Certain types of files like most e-mail and databases cannot be reviewed or produced in true native format without first being converted. The process of converting ESI to a non-editable digital file is known as rendering. Rendering of the ESI is necessary in order for the parties to redact privileged information. Also, if stamping or designations are required the native files have to first be converted to electronic image format.
Counsel should be aware of the common issues and risks that exist with ESI converted to image format. Most importantly is the risk of altering or losing data during the conversion process. For certain types of ESI the images generated may not accurately represent the native. Excel Files, for example, often contain hidden cells, rows, worksheets, columns, and formulas that are not displayed on the image. Similarly, Word documents often do not display comments and track changes. PowerPoint files generally do not print speaker notes by default and animations do not display properly. For e-mail, blind copies and the date read are not available by default. Embedded data not appearing in TIFF view is likely to be less guarded, and therefore, more revealing and potentially harmful. A sound workflow plan will ensure that these types of ESI are also reviewed in native format to avoid producing embedded data not reviewed.
In determining the form of production, parties should also consider whether they want to request the production of searchable metadata and, if so, what fields. There can be hundreds of metadata fields associated with a single file. The parties should clearly state in writing the metadata requested any known problems or gaps in the metadata received from third parties. Aside from searchable text, metadata should include information about relationships between documents, e.g., parent-child relationships. Most typically, metadata is produced in a standard delimited load file for loading into most litigation support software platforms. Clear and concise communication regarding the load file format will save time and money for each party producing and receiving data. The more common load files include .dii (Summation), lfp (IPRO), and .opt (Concordance/Option)
Given the pros and cons of each production format different forms are often necessary to accommodate different types of ESI. In practice, it is common for a production to involve a combination of images, natives, extracted text, OCR, native files and metadata. Parties often will agree to produce certain ESI in native format along with image files such as TIFFs or .PDFs. Word documents are often produced as TIFF images and Excel and PowerPoints as natives. Files requiring redaction are produced as images while similar non-redacted file types are often produced as natives.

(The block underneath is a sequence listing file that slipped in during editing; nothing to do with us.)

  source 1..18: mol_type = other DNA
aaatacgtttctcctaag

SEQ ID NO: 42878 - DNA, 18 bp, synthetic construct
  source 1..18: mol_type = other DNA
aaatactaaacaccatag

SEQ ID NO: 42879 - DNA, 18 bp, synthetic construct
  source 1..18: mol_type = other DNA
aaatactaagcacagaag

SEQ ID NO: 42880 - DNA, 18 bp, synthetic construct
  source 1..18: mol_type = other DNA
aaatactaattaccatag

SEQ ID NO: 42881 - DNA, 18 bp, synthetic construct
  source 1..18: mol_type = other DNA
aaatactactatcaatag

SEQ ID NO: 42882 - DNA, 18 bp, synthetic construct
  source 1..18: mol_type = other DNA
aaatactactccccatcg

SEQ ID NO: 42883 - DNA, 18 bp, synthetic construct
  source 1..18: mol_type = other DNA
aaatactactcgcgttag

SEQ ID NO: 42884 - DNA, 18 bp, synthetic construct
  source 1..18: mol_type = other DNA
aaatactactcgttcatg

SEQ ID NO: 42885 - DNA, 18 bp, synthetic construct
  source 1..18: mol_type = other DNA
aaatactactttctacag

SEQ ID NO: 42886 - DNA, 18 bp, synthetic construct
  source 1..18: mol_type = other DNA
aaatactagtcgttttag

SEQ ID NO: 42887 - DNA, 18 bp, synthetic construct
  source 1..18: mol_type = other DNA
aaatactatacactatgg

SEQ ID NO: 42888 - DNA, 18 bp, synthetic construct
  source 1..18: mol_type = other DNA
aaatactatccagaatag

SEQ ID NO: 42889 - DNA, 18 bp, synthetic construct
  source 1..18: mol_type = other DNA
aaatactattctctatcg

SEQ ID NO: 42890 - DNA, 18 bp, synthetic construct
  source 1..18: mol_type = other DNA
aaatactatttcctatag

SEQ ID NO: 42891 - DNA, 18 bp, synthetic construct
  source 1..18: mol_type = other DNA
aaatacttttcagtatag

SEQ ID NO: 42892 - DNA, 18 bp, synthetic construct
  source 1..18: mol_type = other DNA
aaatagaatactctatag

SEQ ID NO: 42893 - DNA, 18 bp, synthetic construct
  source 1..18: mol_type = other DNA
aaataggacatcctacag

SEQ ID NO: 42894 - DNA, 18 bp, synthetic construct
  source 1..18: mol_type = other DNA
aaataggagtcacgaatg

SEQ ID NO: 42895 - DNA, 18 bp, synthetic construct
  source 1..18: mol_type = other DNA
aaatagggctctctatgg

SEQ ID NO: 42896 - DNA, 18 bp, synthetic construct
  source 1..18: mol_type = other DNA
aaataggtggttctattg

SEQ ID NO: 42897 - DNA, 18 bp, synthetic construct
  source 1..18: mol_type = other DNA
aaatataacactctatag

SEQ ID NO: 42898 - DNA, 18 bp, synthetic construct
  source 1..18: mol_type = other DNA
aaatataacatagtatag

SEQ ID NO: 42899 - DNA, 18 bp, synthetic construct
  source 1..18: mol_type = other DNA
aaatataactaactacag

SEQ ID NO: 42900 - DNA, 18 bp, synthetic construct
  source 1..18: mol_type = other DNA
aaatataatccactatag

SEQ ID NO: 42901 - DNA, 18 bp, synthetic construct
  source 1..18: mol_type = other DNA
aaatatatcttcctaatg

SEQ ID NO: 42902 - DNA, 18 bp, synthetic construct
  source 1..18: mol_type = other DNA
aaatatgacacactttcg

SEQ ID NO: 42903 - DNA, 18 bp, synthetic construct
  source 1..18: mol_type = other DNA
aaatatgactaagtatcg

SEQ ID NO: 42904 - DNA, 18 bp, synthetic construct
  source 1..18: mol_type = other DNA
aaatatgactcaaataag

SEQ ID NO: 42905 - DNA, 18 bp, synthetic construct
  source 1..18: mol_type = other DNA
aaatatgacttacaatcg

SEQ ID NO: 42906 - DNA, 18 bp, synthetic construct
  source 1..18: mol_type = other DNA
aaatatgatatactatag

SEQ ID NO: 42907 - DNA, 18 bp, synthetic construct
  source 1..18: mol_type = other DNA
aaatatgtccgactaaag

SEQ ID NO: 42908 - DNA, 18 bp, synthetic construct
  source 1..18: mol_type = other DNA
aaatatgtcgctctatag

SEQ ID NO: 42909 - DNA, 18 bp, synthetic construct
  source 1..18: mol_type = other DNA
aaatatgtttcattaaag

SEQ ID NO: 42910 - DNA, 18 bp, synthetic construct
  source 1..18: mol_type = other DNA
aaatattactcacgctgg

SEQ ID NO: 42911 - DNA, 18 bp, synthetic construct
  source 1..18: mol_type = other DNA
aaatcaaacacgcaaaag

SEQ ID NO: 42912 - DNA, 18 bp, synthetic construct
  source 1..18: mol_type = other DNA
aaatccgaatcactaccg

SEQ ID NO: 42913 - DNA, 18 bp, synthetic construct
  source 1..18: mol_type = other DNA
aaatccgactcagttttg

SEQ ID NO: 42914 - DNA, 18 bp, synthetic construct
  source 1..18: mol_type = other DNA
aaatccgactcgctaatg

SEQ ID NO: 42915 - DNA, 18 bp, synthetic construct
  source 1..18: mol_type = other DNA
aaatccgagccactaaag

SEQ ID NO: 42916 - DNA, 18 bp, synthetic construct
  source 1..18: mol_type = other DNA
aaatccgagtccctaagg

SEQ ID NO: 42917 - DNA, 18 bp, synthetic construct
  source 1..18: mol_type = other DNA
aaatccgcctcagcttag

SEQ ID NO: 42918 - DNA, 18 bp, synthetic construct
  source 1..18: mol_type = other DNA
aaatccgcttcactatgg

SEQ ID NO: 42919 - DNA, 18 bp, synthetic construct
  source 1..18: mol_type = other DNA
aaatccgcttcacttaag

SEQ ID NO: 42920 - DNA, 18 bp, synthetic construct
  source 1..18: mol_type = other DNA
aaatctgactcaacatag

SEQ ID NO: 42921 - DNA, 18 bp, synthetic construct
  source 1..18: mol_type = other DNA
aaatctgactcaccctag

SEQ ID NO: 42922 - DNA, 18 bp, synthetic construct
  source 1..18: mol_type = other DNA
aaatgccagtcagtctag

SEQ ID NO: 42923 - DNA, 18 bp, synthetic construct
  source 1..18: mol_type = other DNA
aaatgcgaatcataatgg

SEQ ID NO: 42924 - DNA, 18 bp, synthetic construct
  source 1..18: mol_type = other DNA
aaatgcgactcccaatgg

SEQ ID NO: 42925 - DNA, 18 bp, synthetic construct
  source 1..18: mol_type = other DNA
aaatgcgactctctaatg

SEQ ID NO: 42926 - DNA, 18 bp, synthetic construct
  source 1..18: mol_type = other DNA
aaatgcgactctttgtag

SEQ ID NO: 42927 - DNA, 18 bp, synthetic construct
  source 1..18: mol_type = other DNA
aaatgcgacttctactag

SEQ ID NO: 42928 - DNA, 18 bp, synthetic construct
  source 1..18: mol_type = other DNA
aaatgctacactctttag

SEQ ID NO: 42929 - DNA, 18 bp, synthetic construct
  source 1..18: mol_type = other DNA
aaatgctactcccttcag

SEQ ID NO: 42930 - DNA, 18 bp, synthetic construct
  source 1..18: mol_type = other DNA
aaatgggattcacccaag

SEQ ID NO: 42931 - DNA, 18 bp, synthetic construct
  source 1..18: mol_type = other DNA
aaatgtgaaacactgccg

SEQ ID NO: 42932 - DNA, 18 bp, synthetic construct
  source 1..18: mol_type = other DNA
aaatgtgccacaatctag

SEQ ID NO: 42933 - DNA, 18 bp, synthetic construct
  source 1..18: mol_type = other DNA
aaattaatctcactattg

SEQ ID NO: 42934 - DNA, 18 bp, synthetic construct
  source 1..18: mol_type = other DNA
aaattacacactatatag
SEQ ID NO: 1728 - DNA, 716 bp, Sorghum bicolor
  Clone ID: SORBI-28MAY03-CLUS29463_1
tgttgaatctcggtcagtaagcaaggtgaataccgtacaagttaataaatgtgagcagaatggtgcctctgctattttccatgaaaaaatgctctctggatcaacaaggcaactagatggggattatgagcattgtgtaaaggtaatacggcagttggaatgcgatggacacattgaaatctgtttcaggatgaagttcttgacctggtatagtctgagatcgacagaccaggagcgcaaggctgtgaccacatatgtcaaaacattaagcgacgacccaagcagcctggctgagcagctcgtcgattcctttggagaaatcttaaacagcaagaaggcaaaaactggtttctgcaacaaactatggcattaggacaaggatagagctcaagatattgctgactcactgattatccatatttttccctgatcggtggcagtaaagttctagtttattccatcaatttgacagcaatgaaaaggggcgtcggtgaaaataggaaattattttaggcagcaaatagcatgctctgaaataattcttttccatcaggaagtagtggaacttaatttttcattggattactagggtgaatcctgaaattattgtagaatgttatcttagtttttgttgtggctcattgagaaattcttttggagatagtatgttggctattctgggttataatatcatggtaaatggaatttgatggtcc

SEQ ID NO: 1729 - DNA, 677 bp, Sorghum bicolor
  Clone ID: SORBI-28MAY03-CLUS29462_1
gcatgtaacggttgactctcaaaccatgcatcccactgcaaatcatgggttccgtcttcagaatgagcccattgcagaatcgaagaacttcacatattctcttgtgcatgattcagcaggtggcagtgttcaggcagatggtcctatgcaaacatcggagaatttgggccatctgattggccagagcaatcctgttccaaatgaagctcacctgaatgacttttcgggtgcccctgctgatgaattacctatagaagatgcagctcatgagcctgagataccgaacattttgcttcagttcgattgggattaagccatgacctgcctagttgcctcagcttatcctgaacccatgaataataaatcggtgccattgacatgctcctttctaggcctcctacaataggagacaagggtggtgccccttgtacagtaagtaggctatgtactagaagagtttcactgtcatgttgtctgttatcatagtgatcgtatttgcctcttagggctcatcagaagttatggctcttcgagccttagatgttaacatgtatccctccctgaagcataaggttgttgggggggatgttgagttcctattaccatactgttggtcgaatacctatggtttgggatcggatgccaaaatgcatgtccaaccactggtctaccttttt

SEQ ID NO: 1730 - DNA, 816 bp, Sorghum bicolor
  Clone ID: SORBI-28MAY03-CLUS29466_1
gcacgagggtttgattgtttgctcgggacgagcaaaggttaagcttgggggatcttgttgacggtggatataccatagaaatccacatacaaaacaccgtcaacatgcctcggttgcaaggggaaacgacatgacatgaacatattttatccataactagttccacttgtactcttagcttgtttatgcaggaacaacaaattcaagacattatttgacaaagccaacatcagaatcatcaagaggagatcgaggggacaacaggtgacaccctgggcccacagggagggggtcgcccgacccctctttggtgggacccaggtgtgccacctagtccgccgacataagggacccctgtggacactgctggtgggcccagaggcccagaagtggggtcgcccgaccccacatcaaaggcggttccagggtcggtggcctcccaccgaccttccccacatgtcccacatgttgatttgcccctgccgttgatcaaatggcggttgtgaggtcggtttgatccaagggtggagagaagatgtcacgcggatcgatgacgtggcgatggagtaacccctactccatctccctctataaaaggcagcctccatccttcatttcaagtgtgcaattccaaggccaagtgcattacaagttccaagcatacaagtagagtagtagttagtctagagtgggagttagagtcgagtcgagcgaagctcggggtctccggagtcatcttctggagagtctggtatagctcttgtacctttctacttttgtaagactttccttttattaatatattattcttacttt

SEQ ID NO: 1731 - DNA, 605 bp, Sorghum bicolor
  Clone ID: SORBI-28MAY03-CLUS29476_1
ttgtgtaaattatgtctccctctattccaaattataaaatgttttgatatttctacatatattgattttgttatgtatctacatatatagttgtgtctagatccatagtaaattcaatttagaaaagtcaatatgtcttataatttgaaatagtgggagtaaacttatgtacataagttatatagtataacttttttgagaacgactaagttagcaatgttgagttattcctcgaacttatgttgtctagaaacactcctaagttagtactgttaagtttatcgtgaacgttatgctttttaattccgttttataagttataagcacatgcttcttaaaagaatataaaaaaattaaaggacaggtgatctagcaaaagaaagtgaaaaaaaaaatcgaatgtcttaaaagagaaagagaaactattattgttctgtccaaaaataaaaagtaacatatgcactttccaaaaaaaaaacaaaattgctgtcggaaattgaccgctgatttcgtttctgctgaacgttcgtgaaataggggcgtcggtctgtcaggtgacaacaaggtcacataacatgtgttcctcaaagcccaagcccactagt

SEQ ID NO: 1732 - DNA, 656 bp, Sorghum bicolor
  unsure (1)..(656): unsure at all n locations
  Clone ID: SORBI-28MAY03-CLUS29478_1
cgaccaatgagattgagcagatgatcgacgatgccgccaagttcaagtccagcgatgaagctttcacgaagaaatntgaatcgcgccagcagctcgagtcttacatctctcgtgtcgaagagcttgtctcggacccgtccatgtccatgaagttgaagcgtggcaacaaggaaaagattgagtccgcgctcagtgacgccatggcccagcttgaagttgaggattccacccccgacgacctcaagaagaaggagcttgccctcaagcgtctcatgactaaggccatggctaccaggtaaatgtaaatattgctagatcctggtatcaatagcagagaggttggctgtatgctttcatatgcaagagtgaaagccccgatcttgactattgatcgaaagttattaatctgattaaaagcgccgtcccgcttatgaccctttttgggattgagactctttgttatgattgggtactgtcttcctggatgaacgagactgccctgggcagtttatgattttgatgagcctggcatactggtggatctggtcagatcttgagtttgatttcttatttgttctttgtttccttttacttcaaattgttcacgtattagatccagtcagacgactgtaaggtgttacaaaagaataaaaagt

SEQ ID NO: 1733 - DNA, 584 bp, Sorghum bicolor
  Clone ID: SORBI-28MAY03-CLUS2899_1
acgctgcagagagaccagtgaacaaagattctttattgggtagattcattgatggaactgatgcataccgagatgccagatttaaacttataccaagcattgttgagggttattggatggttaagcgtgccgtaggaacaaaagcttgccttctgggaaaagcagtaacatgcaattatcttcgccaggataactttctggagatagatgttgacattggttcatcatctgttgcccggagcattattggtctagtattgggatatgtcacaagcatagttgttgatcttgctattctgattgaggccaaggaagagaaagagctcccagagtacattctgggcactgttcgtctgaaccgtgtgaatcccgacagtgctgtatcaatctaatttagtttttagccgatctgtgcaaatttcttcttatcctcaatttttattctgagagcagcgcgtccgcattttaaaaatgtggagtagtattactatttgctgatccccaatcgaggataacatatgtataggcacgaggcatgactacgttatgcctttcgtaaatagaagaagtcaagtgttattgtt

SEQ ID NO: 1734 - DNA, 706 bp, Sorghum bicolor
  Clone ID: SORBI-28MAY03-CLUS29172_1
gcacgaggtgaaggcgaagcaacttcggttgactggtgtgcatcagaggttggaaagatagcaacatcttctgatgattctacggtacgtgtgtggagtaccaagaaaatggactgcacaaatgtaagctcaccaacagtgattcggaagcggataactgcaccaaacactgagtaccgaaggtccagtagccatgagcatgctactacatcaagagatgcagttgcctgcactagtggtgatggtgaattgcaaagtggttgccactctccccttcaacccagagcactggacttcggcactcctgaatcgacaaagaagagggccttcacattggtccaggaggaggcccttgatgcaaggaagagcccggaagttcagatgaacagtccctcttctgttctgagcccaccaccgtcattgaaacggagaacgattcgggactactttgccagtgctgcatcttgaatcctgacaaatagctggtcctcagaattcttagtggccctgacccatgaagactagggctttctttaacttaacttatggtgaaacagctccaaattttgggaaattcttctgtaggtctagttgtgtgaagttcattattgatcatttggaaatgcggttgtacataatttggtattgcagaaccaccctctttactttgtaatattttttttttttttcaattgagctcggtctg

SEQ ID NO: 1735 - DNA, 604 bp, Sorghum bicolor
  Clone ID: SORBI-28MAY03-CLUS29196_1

It is important to understand how redacted information is impacted by production format. Special attention should be paid to redacted materials when producing. Redacted images will require extra time to process. The images are OCR’d after the redactions are burned and the re-OCR’d text is substituted for the original text. When producing extracted text and metadata for redacted documents it is necessary to remove the original information from all parts of the production. Quality control will verify that redacted information is properly withheld on the image and from the extracted text and fielded metadata.
A proper document management plan will also assist in mitigating the risks associated with producing ESI. Thorough documentation of the process of review and conversion of the native files to images format should be in place. Documentation defining the review team’s redaction process is also key to ensure that everything produced was properly reviewed. Counsel should also document its privilege searches and verify the accuracy at the beginning and at the end of the production. Attorneys sometimes make coding changes after the documents have been added to the production queue.
Quality control review of the results will also help reduce the potential risks substantially. Each production should be thoroughly checked for quality assurance by the producing party prior to release. The scope and specifications of the production should be reviewed for both technical and legal conformity.